Nevertheless, the myth that vaccines cause autism has persisted in our culture. However, you can rest assured that vaccines do not cause autism.

Can Adults Have Autism?

Yes, adults can have autism! Although our stereotypical image of a person with autism tends to be much younger, usually a young child, it’s true that adults can have autism. After all, children tend to grow into adults as they get older!

Some adults with autism were diagnosed when they were kids. Some other adults with autism don’t get diagnosed until they reach adulthood. For adults without a diagnosis in childhood, they tend to be much higher functioning than adults who were diagnosed as kids, which explains why their autism went undetected into adulthood.

Signs of Autism in Adults

You might be wondering, what are some signs of autism in adults? As we mentioned above, adults with autism who weren’t diagnosed as children tend to be a bit more high functioning and may only show some mild symptoms.

Some signs of autism in adults are: having a hard time understanding other people’s thoughts and emotions, difficulties communicating in social situations, being rigid about routines and becoming upset if routines are disrupted, and having a hard time making friends or connecting to their people.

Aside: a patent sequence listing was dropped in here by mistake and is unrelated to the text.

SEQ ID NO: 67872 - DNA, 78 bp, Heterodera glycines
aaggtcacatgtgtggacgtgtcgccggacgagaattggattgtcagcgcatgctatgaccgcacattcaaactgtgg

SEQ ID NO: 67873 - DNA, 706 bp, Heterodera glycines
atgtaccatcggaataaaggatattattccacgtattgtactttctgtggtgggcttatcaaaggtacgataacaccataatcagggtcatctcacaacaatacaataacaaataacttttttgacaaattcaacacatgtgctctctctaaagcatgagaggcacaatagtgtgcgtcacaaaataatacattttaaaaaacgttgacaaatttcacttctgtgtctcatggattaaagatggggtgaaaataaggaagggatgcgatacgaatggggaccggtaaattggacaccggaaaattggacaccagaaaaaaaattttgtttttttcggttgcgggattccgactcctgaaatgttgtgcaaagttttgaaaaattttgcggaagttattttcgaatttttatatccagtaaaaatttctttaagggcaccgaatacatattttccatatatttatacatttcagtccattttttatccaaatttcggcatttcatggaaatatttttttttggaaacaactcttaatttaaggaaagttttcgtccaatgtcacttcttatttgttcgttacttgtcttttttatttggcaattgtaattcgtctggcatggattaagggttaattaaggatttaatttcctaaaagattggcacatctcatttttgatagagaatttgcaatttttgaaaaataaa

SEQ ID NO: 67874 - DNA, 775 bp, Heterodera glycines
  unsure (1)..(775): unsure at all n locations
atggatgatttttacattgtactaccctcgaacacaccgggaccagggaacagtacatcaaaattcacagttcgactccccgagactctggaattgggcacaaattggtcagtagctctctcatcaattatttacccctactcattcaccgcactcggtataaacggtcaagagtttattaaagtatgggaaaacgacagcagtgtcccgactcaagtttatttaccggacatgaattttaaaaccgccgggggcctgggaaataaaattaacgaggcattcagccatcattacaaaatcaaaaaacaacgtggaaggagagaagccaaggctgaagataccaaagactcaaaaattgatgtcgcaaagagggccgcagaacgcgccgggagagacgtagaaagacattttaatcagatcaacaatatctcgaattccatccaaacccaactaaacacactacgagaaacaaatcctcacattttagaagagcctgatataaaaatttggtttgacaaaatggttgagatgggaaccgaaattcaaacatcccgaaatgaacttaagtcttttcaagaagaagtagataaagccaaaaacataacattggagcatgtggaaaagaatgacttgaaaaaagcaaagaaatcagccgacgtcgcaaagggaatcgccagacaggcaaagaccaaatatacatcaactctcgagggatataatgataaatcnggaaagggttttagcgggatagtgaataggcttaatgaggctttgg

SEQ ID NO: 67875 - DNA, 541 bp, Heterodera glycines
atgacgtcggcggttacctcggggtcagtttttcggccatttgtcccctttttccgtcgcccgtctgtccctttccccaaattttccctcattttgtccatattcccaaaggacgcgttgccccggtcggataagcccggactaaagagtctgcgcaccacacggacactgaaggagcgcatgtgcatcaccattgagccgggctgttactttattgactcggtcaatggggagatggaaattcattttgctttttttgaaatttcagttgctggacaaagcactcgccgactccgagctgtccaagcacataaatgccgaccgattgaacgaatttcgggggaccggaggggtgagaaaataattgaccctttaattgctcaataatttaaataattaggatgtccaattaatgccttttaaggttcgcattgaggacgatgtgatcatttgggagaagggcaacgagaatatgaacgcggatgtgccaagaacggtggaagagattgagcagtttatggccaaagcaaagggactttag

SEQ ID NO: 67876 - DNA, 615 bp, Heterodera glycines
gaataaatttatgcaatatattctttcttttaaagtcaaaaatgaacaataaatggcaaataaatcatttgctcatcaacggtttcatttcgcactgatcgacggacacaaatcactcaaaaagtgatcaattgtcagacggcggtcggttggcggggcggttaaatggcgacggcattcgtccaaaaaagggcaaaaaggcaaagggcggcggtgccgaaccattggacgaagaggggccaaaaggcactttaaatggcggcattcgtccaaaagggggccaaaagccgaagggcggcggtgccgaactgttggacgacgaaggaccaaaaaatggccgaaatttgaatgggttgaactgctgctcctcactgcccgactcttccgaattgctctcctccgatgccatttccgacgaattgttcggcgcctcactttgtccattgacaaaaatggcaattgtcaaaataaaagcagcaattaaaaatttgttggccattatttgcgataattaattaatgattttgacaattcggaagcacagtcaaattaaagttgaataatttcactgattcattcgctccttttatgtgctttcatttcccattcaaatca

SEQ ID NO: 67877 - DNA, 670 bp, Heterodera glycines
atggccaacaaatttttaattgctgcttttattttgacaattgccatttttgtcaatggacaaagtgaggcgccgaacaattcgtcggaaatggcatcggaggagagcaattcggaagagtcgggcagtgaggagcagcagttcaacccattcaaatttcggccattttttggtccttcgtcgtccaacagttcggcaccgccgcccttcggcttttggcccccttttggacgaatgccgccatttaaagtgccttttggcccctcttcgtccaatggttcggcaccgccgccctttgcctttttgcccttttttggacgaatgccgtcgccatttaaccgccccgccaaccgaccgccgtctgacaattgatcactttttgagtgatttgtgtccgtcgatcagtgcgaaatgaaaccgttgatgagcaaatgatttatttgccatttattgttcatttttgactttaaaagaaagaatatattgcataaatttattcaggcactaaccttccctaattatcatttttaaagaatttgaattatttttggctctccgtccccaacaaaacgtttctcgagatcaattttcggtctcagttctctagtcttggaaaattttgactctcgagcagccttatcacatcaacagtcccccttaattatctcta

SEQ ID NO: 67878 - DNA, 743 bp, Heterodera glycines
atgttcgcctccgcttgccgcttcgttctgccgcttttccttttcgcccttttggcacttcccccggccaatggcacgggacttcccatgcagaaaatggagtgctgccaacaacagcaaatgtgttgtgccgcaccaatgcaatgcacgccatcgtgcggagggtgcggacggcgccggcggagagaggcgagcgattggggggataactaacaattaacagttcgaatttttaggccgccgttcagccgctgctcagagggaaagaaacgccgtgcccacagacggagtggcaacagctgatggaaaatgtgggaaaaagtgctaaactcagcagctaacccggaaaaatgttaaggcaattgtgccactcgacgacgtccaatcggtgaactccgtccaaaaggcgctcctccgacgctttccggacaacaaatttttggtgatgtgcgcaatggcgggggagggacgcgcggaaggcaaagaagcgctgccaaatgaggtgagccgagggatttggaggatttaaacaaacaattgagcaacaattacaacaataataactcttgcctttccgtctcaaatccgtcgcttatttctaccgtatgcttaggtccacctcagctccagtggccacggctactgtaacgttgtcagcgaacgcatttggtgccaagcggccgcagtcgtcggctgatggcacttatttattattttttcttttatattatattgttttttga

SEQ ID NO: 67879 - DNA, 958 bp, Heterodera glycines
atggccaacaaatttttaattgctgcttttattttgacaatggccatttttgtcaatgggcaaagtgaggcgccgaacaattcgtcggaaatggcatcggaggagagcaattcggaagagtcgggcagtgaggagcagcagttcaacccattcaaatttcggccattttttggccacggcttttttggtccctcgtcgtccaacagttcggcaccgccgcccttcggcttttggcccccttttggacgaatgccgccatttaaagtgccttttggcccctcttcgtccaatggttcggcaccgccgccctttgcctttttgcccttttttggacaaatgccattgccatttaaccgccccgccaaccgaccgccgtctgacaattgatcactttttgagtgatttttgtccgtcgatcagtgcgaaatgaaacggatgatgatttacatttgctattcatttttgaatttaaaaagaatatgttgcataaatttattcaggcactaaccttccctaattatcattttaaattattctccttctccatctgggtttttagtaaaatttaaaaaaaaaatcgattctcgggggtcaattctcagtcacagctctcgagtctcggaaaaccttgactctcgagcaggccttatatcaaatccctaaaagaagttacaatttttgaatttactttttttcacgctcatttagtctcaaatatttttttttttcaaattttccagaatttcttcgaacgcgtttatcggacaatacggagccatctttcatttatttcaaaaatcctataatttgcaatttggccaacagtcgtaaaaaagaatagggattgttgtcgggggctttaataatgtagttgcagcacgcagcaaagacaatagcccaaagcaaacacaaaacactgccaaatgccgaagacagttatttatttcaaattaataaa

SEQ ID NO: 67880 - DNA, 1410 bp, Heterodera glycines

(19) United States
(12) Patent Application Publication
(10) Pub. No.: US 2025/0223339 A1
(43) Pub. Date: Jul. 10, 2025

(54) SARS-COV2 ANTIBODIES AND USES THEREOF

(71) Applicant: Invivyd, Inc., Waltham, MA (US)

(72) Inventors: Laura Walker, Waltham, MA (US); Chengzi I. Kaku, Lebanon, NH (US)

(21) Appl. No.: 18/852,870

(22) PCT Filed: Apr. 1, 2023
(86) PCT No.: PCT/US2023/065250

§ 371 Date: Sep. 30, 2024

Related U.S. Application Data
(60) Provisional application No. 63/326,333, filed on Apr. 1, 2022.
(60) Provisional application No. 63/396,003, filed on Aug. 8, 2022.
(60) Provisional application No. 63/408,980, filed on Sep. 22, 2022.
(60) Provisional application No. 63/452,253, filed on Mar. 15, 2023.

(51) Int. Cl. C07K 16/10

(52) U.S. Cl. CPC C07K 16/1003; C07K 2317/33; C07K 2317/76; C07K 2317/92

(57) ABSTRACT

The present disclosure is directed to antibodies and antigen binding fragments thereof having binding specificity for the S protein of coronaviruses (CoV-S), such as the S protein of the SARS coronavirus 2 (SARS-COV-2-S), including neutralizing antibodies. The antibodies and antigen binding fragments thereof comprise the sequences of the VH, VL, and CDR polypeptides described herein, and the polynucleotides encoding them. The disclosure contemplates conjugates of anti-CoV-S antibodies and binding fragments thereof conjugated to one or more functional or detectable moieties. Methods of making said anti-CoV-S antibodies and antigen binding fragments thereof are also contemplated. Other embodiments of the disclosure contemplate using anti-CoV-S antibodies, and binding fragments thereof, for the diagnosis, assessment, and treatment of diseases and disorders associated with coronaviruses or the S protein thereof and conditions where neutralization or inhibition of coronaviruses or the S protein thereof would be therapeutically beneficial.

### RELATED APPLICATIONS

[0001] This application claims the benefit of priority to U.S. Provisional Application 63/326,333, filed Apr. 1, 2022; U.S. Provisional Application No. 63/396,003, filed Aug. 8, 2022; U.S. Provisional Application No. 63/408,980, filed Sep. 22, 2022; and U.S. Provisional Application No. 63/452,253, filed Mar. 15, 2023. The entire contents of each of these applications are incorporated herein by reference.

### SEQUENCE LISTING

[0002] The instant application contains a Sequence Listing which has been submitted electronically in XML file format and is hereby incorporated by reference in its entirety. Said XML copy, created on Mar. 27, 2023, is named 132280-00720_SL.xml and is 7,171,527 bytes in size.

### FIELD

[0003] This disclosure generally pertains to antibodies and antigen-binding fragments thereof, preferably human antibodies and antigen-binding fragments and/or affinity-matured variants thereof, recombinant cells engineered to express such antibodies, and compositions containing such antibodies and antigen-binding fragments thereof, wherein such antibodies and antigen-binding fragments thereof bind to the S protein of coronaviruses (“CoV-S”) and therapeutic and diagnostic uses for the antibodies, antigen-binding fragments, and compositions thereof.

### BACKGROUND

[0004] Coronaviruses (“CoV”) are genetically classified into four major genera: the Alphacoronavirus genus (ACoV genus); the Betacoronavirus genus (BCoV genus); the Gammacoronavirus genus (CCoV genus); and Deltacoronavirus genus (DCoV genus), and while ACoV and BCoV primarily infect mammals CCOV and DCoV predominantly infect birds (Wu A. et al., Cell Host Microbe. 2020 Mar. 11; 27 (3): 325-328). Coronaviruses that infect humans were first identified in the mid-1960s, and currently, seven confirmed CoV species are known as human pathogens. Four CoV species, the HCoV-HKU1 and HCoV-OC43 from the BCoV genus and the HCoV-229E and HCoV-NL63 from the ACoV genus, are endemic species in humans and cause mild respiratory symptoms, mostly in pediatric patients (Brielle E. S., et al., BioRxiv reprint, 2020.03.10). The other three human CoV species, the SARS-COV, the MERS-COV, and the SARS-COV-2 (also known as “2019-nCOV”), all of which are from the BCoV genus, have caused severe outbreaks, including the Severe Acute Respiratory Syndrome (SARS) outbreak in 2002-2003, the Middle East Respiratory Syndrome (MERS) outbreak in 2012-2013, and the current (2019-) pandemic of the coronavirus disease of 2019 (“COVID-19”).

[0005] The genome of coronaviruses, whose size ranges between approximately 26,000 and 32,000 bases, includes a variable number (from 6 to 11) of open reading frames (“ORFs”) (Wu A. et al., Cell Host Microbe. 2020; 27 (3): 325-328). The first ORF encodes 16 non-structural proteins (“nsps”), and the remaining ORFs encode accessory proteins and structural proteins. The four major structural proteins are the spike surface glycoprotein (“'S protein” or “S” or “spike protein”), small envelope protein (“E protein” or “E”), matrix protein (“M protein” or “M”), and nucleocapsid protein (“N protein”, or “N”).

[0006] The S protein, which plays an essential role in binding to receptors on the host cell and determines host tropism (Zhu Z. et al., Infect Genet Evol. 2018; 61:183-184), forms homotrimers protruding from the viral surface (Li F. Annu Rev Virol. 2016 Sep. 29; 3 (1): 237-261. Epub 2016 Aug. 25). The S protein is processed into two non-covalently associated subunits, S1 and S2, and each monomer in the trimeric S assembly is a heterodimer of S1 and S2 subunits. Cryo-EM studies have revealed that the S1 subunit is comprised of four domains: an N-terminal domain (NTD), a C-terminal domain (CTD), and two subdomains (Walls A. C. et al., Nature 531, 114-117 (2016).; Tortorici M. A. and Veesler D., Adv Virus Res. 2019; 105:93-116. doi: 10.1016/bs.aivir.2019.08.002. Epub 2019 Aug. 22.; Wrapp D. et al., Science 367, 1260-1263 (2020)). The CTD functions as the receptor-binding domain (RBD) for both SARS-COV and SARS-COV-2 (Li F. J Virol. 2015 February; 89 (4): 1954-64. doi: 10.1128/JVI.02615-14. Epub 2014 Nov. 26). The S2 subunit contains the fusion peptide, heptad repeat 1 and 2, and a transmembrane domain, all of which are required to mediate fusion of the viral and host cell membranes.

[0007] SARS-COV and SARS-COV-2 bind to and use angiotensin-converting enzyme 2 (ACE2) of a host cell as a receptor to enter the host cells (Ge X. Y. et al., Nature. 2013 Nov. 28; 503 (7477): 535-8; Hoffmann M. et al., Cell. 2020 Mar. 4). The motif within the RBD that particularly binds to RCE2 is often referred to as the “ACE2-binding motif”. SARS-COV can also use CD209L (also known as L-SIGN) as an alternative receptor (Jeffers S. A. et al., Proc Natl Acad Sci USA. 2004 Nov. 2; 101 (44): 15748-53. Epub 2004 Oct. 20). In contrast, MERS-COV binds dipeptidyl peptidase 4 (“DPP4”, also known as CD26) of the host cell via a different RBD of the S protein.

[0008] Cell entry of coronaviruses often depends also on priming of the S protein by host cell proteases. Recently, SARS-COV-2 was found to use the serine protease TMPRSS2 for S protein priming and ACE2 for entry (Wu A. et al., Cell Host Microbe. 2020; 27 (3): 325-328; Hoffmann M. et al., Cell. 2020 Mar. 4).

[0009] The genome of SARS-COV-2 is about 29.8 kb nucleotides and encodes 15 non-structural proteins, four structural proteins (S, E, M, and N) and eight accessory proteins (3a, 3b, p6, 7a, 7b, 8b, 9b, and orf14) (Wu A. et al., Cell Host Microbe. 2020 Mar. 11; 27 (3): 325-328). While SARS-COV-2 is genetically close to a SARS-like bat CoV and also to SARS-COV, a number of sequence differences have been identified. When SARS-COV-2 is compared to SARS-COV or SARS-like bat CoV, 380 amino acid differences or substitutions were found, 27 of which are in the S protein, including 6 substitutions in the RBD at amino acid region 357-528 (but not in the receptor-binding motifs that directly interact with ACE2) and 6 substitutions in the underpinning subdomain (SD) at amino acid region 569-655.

Some adults with autism have described feeling like an alien or outsider all of their lives, unable to understand other people’s mannerisms, communication, or intentions.

signs of autism

How is Autism Diagnosed in Adults?

Diagnosing autism in adults is a little different than diagnosing a child. For adults, the first step you should take is to speak to your doctor. Your doctor may refer you to a specialist for further evaluation and potential treatment.

The RAADS-R is a self-report diagnostic screening tool that can be used to evaluate adults for autism. You can take the test yourself if you’d like to learn more about your potential autism diagnosis

Can Girls Have Autism?

Yes, girls can have autism. Autism tends to be more commonly diagnosed in boys, with boys being about 4 times as likely to be diagnosed with autism compared to girls. Some researchers have speculated whether that’s because boys are actually more likely to have autism or if it’s actually that autism is underdiagnosed in girls.

It might actually be that gender bias leads to differences in the ways that autism appears in girls, which then leads it to be less frequently diagnosed in girls. For instance, when a girl seems shyer, more emotional, or engages in repetitive behaviors when overwhelmed (like flapping her hands), this might be seen as more “typical” behaviors for a girl rather than signs of autism.